Update: Pictures from the trip are here.
I’m in a pool hall in Fort Chipewyan, Alberta, about 1,800 miles north of my home in San Francisco. The only road that extends this far north is made of ice that’s passable just three months a year. Any other time, you have to fly in. That’s how I arrived yesterday, on the invitation of community leaders, to learn about one of the most destructive and least known industrial projects on the planet, the Canadian tar sands.
The geographic isolation of Ft. Chip has helped to preserve a relatively traditional way of life for its 1,200 residents—mostly Cree and Dene native peoples—for generations. Hunting, trapping and fishing remain a central part of the culture, providing most folks here with dietary staples.
I’m listening to stories from those in the pool hall about how the tar sands is changing all that. Ariel, a young woman who grew up here, explains that “I drank from the lake when I was a kid but today we’re not even supposed to swim in it because it’s too toxic.” Another new father is more blunt. “All my relations are dying,” he says “If we don’t do something soon, just living in Ft. Chip will be a death sentence.”
Aside from health, people are also concerned about their culture. Fishing, hunting and trapping have been at the center of seasonal community celebrations here for as long as anyone can remember. With the decline in water quality, however, populations of fish and muskrat have become too toxic to eat. “I don’t know what we’re going to leave our children or our grandchildren” says mother and traditional chef in the community, “It’s scary, really scary… I hope we can find some solutions. It just looks so bleak.”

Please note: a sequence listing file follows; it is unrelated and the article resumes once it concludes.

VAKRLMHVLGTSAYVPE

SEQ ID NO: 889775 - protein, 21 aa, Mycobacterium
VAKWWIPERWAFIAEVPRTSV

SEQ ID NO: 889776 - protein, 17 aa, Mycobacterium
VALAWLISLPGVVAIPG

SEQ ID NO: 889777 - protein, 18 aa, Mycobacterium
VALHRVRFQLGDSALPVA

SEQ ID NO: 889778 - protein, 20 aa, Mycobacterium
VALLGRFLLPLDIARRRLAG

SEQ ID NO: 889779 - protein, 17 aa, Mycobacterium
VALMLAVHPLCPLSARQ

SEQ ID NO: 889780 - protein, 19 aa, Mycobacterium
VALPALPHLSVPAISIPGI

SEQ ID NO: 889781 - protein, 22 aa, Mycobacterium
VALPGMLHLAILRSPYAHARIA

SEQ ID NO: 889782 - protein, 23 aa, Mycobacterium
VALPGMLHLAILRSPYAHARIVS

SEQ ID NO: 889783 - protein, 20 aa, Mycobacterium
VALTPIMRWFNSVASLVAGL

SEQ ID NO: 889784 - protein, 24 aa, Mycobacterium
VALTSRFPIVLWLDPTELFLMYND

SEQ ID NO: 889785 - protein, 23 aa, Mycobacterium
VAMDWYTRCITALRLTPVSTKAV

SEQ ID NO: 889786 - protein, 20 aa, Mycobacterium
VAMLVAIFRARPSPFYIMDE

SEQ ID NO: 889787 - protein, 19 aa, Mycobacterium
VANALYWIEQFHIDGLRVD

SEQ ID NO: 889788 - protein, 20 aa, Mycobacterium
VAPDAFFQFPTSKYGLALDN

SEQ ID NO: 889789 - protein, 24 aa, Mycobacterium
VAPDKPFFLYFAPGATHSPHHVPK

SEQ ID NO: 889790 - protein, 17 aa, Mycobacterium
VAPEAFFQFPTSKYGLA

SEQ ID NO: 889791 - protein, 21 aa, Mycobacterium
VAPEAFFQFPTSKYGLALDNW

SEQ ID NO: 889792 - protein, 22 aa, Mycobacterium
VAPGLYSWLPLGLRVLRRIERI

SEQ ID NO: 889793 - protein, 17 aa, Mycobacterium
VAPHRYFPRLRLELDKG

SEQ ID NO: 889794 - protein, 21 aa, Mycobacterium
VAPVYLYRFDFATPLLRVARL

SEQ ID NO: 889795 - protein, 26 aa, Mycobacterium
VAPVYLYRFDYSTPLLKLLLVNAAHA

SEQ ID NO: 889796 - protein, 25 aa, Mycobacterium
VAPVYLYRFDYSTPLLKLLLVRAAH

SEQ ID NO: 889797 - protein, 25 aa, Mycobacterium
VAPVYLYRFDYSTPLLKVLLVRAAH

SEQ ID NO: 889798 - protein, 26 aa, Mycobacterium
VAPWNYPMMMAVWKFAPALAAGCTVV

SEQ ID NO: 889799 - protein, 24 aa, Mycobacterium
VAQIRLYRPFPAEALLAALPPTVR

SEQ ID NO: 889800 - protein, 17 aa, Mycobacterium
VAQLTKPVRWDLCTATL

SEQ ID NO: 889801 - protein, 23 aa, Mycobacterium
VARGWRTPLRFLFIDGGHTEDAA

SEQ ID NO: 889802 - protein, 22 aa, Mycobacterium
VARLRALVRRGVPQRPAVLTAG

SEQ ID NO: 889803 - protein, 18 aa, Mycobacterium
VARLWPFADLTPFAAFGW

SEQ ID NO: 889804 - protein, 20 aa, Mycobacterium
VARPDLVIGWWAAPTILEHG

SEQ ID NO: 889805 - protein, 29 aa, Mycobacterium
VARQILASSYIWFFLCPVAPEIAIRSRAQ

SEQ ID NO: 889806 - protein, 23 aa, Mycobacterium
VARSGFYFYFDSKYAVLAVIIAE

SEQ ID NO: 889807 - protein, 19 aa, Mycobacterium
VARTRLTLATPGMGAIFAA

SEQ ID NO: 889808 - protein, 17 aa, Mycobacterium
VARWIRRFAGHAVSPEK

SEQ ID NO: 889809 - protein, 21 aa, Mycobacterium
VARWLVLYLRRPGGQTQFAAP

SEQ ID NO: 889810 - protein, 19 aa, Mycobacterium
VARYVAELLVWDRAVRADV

This afternoon we’re gathered at the pool hall to begin laying the groundwork for solutions. Tom Goldtooth of Indigenous Environmental Network starts with a presentation on environmental justice and the power of spiritual practice. George Poitras follows with legal strategies being deployed by Mikisew Cree First Nation. Macdonald Stainsby and Dustin Johnson paint a picture of the developing continental grassroots resistance among indigenous and other historically marginalized communities from the perspective of TarsandsTruth.org and North Coast Envirowatch.
Tonight we feast with community Elders. Tomorrow it’s back to the pool hall to begin building an organizing framework and developing strategy for the coming months. “This is the start of unification in the community” says a new father and community leader “this is going to be the start of a big thing.”